Skip to main content

Full text of "The Cambridge Natural History"

See other formats




hardly to be distinguished from each other. The ears are very
minute. The tail is short. The muzzle is rather pointed, and
the soles and palms are naked.

FIG. 222.—BateL    MeUivora capensis.     x £.
The structure of Helictis has been described by the late
Professor Garrod,1 as well as by Sir W. Flower in his general
account of the Carnivorous skeleton. The animal, which is a
native of East Asia, is sometimes gaily coloured.. If. subaurantiaca,
the species dissected and figured by G-aiTod, is a varied black and
orange. The genus is arboreal, and the tail may be moderately
long and bushy. The ears are small; the nose is grooved; the
palms are naked, but the soles of the feet are hairy. There are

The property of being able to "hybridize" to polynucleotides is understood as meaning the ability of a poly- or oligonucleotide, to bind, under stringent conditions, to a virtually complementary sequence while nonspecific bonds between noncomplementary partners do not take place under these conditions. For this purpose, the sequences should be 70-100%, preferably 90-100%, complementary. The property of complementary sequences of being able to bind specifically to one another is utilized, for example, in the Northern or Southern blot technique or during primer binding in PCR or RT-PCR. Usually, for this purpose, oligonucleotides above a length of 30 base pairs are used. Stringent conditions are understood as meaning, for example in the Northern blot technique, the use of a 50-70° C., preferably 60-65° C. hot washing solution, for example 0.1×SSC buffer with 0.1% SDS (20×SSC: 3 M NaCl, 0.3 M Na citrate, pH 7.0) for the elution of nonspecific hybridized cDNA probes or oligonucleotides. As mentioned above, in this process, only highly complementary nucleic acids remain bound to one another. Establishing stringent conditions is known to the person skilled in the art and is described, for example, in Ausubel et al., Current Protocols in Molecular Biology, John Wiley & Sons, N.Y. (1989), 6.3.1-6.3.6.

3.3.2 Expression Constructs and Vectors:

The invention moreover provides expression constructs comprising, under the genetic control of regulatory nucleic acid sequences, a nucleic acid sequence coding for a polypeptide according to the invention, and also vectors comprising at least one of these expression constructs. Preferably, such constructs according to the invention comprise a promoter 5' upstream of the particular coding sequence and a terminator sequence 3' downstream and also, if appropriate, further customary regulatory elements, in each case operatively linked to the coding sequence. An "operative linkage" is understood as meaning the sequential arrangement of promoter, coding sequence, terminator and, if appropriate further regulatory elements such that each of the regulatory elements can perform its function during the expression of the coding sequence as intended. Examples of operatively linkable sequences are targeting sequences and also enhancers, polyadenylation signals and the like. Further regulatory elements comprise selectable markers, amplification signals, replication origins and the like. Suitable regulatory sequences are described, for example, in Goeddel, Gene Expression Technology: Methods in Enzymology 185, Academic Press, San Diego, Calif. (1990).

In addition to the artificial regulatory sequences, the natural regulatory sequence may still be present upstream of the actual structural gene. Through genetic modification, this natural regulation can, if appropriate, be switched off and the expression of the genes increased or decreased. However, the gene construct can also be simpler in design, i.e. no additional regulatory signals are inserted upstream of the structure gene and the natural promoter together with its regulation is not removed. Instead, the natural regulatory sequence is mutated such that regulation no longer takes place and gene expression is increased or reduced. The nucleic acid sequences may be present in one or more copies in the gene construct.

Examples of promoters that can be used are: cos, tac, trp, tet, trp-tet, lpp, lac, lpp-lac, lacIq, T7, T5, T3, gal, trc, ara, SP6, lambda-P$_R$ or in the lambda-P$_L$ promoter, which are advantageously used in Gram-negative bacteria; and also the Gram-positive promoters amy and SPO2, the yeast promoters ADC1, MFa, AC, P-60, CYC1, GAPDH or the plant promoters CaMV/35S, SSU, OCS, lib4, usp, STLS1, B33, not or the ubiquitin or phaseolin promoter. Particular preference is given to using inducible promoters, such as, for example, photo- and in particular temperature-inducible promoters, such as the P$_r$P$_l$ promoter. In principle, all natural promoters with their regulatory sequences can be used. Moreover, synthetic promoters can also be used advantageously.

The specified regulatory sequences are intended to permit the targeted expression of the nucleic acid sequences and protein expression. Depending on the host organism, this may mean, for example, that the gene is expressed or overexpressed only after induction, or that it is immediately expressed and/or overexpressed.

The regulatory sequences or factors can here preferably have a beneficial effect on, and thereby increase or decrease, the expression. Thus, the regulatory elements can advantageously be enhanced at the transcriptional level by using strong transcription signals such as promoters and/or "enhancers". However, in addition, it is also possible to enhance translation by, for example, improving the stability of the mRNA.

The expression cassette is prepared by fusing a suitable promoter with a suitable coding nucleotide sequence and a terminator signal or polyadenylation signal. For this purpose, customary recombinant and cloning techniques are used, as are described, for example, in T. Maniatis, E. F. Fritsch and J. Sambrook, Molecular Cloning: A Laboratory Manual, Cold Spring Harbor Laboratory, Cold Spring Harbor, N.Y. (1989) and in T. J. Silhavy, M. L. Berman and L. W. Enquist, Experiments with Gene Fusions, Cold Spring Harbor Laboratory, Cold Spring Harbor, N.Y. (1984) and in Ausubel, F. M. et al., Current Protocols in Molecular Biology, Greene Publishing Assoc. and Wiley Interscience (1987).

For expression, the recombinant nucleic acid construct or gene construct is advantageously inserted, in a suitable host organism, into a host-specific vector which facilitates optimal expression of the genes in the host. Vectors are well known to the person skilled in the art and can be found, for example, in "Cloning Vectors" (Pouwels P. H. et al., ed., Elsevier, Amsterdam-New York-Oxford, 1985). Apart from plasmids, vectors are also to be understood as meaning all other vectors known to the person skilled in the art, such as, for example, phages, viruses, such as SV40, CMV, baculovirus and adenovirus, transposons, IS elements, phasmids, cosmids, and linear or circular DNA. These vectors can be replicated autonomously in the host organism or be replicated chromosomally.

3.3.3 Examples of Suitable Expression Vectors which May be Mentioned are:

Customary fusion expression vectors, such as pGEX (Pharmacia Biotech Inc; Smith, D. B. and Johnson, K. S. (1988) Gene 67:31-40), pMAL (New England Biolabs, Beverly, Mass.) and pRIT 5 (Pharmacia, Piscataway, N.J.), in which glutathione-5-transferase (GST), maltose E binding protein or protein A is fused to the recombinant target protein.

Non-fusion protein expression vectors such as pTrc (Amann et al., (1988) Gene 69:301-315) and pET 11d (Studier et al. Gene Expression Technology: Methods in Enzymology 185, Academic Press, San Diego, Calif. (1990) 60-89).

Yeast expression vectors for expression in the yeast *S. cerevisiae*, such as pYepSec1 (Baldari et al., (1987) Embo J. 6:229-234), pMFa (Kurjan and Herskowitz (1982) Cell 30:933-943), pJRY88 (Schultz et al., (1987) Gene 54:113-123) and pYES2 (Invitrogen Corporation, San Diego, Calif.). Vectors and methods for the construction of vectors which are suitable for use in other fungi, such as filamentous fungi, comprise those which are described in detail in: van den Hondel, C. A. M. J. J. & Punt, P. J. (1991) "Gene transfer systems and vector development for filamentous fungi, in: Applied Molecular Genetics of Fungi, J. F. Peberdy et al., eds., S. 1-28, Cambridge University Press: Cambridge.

fourteen dorsal vertebrae. The molar formula is PHI j- M -J-.
The Zorilla, Ictonyx, is the last of the Old-World genera of
Melinae. It is African, ranging from the tropical parts of the
continent to the Cape. " In colour and markings/* remarks Dr.
Mivarfc, " as well as in the odour of the secretion of its anal
glands, the one or two species which form this genus resemble
the skunks; so much so that did they inhabit the same region,
and were they devoid of an offensive secretion, they would
certainly be said to mimic the skunks." The molar formula of
the genus is Pm -f M -J. There are fifteen dorsal vertebrae. The
nose is grooved and the soles partly hairy.
The American Badger, Taxidea, is a burrower of omnivorous
tastes, and correlated with, the former habit are the immense
1 Proe. goal. JSfoc. 1879, p. 305.